The Enid News and Eagle, Enid, OK

Local news

April 15, 2013

Enid woman was block away from Boston blasts

ENID, Okla. — Enid resident Lisa Earl had just finished the Boston Marathon on Monday when two explosions rocked the area near the finish line.

Earl said she was out of danger about a block past the finish line when the explosion occurred. The race was called off after the blasts.

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Two people were killed and more than 80 injured. Two other explosive devices were found at the end of the course.

“I was a block past the finish line, getting ready to get my pickup that I left there,” she said by phone Monday afternoon. “I heard a really loud boom, and I saw smoke coming from the north side of the street near the finish line.”

Just after the first boom she heard a second boom, but could not determine exactly where it came from. People were wondering what happened, and the area became quiet, she said.

“We heard lots of sirens, They have everything blocked off within two miles of the marathon area,” Earl said.

She did not see anyone injured.

This was Earl’s first Boston Marathon, and she said the explosions have changed the feel for everybody. Her time of 3:58:27 was good, she said, but not what she hoped.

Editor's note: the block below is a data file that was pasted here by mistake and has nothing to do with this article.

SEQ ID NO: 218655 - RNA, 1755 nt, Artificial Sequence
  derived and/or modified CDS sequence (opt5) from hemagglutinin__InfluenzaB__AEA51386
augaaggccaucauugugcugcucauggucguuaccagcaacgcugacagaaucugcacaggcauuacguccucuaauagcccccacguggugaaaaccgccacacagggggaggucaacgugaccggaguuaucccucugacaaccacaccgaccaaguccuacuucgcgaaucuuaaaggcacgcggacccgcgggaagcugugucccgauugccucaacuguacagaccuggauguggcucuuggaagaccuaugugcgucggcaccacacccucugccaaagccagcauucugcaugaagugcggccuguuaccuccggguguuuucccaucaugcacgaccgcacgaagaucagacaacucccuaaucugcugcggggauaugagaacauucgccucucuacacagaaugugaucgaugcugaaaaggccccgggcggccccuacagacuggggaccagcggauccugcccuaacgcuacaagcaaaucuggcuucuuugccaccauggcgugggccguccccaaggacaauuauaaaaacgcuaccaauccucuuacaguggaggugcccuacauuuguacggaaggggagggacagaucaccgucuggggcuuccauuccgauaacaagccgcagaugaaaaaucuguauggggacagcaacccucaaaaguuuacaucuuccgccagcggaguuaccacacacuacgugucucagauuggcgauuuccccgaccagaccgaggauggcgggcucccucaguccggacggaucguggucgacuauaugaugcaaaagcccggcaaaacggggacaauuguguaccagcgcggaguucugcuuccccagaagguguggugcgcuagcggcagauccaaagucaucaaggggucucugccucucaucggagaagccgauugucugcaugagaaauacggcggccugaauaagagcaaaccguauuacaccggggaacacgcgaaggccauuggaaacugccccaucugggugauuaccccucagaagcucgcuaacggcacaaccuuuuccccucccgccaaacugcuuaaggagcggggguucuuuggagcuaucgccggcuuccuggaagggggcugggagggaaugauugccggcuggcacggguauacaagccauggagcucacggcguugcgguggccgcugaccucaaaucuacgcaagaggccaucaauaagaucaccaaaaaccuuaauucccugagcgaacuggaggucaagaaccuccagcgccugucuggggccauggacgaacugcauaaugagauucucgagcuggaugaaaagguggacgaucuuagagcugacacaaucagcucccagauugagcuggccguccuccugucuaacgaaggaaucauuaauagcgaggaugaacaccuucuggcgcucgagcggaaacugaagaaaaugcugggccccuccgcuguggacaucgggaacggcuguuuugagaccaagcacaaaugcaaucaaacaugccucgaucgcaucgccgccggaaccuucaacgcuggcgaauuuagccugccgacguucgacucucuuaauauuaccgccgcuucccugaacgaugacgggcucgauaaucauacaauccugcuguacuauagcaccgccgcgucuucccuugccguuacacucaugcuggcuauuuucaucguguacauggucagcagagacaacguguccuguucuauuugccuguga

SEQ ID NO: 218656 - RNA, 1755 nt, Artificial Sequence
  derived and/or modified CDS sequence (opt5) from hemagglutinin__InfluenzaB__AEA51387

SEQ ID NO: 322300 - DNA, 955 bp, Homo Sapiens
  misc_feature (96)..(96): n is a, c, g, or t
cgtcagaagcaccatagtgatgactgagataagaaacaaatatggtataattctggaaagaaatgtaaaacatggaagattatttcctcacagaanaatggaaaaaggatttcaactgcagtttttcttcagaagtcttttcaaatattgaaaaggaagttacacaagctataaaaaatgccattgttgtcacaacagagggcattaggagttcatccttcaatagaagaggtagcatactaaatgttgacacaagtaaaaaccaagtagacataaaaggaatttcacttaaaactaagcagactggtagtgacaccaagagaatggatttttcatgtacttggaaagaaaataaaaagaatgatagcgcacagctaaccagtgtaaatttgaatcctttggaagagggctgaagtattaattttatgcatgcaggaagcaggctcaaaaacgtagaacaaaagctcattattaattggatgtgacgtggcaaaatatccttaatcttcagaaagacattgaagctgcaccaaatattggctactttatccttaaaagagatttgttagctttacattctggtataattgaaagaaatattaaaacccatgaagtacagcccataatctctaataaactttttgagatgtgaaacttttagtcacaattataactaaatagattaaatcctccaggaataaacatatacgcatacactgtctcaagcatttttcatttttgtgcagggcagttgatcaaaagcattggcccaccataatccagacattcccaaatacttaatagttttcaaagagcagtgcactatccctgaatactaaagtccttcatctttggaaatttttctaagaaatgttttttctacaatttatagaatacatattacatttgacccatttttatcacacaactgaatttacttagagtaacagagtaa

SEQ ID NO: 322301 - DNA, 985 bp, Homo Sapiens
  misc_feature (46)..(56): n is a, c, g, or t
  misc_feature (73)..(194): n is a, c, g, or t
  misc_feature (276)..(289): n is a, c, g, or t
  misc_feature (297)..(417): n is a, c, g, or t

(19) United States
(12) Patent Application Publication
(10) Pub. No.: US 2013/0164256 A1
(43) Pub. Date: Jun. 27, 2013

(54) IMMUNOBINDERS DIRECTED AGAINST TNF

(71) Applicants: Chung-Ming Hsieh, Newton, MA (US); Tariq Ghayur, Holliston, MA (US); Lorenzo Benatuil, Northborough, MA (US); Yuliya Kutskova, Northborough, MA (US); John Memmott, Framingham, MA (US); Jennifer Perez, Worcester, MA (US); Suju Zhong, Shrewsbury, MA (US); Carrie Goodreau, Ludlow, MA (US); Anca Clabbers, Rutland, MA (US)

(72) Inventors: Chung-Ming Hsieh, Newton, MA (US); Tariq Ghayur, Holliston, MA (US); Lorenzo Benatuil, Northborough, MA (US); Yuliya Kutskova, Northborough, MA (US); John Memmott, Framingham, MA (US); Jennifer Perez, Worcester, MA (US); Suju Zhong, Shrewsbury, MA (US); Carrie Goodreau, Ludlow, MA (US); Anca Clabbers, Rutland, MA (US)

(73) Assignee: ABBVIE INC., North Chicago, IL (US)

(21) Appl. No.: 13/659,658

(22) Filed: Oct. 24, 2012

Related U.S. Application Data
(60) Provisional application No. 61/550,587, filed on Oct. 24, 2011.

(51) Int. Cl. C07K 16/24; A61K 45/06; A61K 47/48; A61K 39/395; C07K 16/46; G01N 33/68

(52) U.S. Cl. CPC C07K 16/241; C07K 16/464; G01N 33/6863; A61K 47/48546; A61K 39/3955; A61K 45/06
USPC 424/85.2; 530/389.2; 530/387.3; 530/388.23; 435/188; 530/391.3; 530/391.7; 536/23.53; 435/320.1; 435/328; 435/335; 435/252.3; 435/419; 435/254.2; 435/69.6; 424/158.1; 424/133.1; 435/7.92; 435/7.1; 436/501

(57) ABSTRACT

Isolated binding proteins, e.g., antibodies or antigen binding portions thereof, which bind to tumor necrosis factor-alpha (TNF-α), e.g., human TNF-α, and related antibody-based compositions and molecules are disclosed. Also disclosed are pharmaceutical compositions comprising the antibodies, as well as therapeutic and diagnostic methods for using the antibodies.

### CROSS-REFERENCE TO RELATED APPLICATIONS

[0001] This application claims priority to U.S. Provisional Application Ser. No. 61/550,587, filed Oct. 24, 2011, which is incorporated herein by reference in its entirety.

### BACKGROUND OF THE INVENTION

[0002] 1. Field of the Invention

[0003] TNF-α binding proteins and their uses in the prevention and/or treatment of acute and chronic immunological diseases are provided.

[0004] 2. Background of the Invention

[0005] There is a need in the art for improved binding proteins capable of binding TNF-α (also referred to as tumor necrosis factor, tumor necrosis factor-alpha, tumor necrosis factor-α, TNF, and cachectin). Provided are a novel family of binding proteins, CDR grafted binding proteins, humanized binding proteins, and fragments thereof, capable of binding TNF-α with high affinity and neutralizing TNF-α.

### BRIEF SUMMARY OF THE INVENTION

“I’m happy with it. I’m just glad I got to come,” Earl said.

She finished 15,412th overall, 5,710th among women and 356th in her age group.

The incident will not discourage her from going again, she said.

There were nearly about 27,000 runners in the Boston Marathon, and she said there were police all along the way, making sure spectators stayed off the street. She said the police were quick to respond after the explosions.

Another Enid resident also competed.

Air Force 2nd Lt. Christopher Chorney, a 2012 graduate of the Air Force Academy, is a student pilot at Vance Air Force Base. He is assigned to the 8th Flying Training Squadron and is a member of Class 14-04. He finished the marathon in 2:57:32, placing 1,501st overall.

Chorney could not be reached for comment Monday, but a spokesman at Vance Air Force Base said someone from the 71st Student Squadron had spoken to Chorney and that he was safe and about to board a plane for his return to Vance.

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